One per cent of Americans now in jail
Saturday 01 March 2008
They used to call it the land of the free, but a new report shows that the United States is nowadays more a nation of the incarcerated. For the first time in history, more than 1 per cent of the US adult population is now behind bars. For minority populations, the rates of imprisonment are much higher.
The report, published by the Pew Centre using data partly supplied by the US Justice Department and Bureau of Prisons, acknowledges that the increase in the incarceration rate coincides with steep declines in violent crime, but questions whether the correlation between the two phenomena is direct.
It says that nationwide there are now 1.6 million people in prisons, translating into one in every 99.1 adults. It has never been so high and can be traced back to a surge of prison sentences handed down through the 1990s, although the rate has continued to trend upward since 2000.
The findings also underline America's position as the most prison-heavy country in the world, far outstripping China, which has the second highest rate of imprisonment as well as Russia, ranked third.
For minority groups the picture is especially bleak. One in every 36 Hispanic adults is currently behind bars, while the number for African American men is one in 15. More stunning is the rate of imprisonment for black men aged 20 to 34, where one out of every nine is now serving time.
The cost, mostly born by state prison systems, is also continuing to soar. The study says that the 50 states are now spending almost $50bn (£25bn) annually to house prison inmates, often more than they are devoting to higher education. They have seen a 127 per cent increase in spending on prisons since 1987.
"While states don't necessarily choose between higher education and corrections, a dollar spent in one area is unavailable for another," the study states.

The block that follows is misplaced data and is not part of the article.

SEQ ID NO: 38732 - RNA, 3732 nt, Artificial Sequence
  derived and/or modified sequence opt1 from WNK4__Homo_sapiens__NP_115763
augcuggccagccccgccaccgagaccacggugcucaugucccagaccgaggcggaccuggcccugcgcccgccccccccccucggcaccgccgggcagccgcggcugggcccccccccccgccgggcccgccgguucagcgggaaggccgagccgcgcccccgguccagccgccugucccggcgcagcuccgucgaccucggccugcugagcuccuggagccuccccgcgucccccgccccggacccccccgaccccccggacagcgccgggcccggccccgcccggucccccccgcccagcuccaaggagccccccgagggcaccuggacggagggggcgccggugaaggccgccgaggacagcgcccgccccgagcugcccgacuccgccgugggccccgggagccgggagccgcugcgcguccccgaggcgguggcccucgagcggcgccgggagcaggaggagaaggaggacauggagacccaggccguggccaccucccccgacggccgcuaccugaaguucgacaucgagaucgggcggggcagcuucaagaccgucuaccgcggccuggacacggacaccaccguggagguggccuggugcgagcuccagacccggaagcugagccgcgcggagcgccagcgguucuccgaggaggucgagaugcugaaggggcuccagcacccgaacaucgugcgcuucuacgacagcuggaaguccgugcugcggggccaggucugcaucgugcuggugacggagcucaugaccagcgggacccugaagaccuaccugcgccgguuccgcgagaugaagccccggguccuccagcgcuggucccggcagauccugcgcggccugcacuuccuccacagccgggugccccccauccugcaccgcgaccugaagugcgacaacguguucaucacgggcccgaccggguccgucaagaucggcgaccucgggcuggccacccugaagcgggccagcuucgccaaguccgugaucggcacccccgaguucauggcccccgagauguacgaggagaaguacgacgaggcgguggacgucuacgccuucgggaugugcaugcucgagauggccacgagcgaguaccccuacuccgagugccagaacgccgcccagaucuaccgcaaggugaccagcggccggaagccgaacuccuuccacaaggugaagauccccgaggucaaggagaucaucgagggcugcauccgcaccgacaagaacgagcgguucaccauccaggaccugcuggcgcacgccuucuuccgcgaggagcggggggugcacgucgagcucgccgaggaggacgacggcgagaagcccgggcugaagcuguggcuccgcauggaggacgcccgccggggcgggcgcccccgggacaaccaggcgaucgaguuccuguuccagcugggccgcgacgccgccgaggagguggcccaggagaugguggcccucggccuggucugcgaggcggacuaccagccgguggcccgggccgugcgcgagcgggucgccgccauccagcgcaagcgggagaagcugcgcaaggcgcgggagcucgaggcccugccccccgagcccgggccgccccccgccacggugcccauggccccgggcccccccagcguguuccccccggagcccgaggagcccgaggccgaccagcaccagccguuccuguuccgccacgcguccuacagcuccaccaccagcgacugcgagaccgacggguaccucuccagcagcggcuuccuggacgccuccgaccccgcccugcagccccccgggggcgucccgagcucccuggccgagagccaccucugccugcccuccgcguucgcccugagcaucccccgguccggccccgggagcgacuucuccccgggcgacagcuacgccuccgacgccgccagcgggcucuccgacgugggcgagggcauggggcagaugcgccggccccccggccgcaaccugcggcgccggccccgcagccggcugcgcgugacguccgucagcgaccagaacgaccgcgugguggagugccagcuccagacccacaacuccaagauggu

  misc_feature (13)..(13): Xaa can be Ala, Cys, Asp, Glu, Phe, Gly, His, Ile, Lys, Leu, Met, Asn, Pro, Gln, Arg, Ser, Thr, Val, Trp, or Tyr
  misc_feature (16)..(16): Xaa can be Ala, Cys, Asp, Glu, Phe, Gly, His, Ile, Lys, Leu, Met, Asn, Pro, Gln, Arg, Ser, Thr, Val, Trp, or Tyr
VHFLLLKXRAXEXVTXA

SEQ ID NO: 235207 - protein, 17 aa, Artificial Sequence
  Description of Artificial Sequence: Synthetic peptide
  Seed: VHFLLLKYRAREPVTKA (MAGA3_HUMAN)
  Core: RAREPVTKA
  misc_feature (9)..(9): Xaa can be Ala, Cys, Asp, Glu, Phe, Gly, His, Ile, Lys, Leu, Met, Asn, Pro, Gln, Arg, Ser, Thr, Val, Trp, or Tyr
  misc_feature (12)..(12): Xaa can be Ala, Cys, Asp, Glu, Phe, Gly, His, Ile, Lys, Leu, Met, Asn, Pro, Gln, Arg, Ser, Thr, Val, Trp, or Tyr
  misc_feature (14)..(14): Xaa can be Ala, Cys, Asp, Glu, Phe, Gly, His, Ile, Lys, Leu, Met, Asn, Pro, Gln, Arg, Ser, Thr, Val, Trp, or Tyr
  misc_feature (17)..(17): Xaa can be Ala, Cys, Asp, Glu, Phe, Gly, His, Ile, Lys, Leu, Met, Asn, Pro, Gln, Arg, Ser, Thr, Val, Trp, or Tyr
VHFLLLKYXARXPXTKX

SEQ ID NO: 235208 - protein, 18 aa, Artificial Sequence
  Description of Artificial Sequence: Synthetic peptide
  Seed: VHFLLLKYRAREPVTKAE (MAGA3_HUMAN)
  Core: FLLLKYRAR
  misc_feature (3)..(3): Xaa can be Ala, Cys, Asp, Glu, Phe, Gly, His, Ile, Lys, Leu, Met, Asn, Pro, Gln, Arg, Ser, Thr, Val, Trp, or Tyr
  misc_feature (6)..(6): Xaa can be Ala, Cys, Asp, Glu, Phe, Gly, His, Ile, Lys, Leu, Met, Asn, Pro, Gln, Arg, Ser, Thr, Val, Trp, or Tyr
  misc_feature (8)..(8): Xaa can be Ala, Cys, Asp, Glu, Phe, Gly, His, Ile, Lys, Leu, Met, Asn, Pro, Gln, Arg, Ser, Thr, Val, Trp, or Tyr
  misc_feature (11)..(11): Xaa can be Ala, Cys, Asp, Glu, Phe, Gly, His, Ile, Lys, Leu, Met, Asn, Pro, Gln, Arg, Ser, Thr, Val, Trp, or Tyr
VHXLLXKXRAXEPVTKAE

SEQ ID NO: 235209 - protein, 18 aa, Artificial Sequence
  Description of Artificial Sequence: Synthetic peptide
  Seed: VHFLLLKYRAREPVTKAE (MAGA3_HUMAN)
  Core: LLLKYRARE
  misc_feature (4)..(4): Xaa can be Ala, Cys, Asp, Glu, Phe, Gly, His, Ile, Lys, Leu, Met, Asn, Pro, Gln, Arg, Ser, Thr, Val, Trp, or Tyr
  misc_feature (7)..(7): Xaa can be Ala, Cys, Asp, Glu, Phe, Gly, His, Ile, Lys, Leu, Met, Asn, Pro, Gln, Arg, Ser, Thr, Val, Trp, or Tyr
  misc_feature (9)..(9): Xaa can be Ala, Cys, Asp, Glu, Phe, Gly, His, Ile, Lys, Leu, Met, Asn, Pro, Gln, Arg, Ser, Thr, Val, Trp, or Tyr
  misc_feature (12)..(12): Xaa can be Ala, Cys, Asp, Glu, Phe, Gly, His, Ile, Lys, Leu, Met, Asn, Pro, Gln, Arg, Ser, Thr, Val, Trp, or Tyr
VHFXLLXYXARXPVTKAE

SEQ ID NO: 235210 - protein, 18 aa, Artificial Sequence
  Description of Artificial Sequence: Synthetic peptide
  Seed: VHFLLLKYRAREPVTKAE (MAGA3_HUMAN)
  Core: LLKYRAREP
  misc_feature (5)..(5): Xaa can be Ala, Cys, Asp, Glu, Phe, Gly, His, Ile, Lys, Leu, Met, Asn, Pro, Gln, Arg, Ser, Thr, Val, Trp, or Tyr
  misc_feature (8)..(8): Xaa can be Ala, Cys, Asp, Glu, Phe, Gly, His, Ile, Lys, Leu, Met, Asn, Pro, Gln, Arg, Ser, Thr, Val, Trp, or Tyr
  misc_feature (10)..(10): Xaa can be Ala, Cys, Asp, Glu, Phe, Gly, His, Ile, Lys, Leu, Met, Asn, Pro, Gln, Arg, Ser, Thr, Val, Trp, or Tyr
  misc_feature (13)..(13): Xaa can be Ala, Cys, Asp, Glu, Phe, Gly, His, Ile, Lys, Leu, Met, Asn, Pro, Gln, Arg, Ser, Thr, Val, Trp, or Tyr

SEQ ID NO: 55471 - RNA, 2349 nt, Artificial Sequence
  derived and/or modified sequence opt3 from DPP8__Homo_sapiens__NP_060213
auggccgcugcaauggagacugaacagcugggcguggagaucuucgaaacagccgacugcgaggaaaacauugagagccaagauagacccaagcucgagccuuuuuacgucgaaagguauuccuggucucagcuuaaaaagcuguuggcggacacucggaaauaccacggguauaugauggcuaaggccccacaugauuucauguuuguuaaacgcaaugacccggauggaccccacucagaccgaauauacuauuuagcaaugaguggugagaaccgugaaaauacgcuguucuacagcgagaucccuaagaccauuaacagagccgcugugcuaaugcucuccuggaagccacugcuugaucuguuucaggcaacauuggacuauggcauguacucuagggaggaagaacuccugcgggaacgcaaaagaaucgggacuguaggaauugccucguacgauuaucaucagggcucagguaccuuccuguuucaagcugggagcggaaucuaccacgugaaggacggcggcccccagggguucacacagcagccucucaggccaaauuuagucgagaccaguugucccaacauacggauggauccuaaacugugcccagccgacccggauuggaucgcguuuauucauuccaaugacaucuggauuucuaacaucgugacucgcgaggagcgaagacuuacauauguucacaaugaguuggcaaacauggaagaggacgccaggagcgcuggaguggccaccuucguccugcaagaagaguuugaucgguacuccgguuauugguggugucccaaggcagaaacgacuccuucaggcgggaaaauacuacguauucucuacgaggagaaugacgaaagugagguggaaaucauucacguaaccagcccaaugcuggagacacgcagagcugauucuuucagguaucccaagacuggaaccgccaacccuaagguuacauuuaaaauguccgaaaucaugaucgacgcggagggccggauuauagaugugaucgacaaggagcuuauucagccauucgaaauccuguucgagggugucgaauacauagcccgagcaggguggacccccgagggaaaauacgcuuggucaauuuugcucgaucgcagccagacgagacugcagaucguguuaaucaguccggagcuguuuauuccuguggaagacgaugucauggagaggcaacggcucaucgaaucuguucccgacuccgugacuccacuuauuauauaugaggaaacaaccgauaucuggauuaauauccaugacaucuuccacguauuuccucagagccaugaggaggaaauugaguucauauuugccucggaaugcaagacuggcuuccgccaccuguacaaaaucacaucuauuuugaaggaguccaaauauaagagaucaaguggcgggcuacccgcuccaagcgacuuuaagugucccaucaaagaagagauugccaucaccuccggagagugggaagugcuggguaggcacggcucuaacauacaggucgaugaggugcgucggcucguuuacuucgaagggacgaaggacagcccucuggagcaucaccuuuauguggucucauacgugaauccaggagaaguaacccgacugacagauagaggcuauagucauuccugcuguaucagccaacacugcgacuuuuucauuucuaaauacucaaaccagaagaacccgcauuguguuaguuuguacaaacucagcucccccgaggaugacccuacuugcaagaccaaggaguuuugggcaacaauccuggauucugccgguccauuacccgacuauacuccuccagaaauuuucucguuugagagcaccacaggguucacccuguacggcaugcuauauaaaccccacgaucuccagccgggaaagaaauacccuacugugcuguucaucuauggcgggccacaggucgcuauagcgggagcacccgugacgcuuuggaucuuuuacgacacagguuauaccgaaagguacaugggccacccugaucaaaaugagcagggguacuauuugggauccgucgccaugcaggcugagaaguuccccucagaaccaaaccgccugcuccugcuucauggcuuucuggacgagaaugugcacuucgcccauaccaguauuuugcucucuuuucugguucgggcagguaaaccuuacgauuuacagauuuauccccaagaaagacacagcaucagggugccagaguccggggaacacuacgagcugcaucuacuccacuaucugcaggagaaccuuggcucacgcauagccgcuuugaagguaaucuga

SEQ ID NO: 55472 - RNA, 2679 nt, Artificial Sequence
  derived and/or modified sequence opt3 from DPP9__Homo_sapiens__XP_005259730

Other factors that may have helped reduce crime rates include lower unemployment, changes in wage levels and improvements in policing. In its conclusions, the report questions whether taxpayers are getting value for money for the huge investment in prison facilities.
In particular, its authors urge states to consider focusing on alternatives to imprisonment for non-serious offenders, for instance sending drug-related criminals on counselling courses and others to community service programmes. They note that some states, notably Kansas and Texas, have already begun such experiments. There is no question that putting violent and chronic offenders behind bars lowers the crime rate and provides punishment that is well deserved," said Adam Gelb, the director of the Pew Centre's Public Safety Performance Project. "On the other hand, there are large numbers of people behind bars who could be supervised in the community safely and effectively at a much lower cost – while also paying taxes, paying restitution to their victims and paying child support."
Commending Texas and Kansas, the report states: "The new approach ... is allowing the two states to ensure they have enough prison beds for violent offenders while helping less dangerous lawbreakers become productive, taxpaying citizens."
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